Ça va?

Ca va?

This post is dedicated to the two little French words that just keep on going.

With these two words of vocabulary, you can say a great many things. You can ask if someone’s all right, in general or when they’ve hurt themselves (like Louis de Funès in the above pic), or expand upon them to create an entire conversation.

Ça va?

Ça va, merci. Et toi?

Ça va ça va. Et ta femme?

Ça va bien aussi.

Alors ça va. Bonne journée!

It’s extraordinary how much nuance can be expressed in those two words.

‘Ça va’, when said in a bright tone of voice, means happy. Ça va bien, super, or even super bien adds degrees of delight. If enunciated with an interrogation or a slight downward lilt, it can mean something less joyful. ‘Ça va pas trop mal’, means not bad, but could also mean not great either. When you get to ‘ça va pas trop’ or the ill boding ‘ça peut aller’, you know things are heading south. Until they stop all together.

Now despite our ups and downs, our strikes and our politics, things in France generally always go. Until they don’t go. Which is to say that most of the time ça va, until suddenly ça va pas. And then – Attention!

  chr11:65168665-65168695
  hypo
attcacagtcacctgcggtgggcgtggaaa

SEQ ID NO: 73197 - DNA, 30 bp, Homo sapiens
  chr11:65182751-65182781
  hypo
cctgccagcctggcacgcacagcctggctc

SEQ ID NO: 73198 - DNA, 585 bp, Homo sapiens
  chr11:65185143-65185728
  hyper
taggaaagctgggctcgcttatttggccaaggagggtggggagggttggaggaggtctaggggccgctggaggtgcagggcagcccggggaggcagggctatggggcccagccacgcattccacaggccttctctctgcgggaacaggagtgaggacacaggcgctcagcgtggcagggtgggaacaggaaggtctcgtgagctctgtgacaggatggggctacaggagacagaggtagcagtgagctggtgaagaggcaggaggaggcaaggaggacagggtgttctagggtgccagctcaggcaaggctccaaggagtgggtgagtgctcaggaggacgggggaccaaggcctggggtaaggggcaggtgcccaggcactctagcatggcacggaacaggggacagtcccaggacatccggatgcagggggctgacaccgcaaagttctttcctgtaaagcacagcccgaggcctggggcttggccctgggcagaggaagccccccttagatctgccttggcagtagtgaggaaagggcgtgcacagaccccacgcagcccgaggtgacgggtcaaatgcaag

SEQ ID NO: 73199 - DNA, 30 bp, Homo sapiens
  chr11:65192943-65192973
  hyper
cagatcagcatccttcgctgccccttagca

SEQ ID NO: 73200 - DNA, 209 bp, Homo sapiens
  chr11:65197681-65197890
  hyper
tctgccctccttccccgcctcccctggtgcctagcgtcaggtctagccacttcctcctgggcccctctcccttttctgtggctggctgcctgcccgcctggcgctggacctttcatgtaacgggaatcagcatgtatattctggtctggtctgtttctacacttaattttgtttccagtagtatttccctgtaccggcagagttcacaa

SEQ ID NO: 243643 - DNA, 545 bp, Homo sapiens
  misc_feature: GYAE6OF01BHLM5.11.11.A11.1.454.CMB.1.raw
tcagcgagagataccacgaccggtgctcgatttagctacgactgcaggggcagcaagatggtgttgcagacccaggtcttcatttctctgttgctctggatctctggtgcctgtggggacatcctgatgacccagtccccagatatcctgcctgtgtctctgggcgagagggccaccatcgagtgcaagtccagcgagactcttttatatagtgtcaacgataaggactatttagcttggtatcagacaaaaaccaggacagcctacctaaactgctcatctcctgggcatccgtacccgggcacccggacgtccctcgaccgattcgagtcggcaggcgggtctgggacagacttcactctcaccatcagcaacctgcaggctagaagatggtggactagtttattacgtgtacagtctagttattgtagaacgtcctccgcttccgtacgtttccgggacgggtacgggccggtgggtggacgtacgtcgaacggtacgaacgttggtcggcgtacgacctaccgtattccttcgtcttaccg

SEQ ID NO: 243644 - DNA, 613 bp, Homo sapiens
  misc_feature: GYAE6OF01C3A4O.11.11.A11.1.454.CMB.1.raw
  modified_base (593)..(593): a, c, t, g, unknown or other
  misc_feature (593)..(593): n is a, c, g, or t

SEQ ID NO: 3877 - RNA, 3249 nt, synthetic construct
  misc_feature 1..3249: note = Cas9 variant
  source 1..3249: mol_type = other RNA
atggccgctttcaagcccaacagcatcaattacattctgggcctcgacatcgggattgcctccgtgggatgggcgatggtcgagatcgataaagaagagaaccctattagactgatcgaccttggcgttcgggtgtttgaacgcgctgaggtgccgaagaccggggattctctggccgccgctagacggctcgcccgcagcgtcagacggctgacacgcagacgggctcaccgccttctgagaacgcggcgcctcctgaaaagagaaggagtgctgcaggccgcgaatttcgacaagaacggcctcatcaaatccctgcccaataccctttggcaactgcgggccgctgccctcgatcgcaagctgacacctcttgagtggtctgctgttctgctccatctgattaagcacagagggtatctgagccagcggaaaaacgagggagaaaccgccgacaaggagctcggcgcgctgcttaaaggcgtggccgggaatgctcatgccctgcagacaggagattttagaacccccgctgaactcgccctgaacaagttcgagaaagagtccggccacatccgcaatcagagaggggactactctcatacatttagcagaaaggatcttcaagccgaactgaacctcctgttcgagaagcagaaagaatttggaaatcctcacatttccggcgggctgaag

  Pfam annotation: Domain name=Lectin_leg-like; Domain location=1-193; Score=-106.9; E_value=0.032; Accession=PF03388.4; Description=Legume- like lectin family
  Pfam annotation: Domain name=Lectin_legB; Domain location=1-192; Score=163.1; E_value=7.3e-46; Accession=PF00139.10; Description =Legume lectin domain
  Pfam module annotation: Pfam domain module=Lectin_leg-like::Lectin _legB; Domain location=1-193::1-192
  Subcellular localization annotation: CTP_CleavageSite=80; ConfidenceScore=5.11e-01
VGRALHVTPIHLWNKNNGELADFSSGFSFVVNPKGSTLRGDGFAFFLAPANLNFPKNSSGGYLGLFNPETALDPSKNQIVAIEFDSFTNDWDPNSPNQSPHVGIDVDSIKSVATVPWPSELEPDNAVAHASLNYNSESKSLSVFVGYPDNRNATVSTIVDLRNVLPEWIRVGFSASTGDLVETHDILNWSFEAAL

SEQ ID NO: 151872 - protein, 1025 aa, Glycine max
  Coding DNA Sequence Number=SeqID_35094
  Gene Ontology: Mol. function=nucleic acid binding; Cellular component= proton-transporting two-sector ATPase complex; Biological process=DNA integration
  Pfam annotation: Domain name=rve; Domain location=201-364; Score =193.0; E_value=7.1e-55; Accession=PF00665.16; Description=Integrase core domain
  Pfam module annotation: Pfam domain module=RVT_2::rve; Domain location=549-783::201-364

Ça va pas du tout aller là. Ça va vraiment pas du tout. Du tout du tout du tout!

When things stop going in France, watch out. There will be drama and sparks will fly. Couples divorce. Heads have been known to roll.

Usually after a dramatic episode of ‘ça va pas’ there will be a healing period of ‘ça va mieux’. Things are not fine but they are a bit better. They are going, which is infinitely preferable to not going at all.

‘Rien ne va plus’ (nothing more goes) was the title of a 1997 French film directed by Claude Chabrol about a couple of con artists. The title was inspired by the expression which is used in the world of casinos, about which I know nothing. Truly. But Google tells me this is what the croupier says when no more bets can be placed on the table.

Of course, you know that the ‘ne’ is usually dropped in spoken language. Just like you know that the word ‘ça’ is actually a contraction of the more formal ‘cela’. Some people prefer to say ‘cela’ to give themselves an educated air. Verging on the ridiculous, like the character infamously played by Thierry Lhermite in the French film classic ‘Le Père Noël est une ordure’.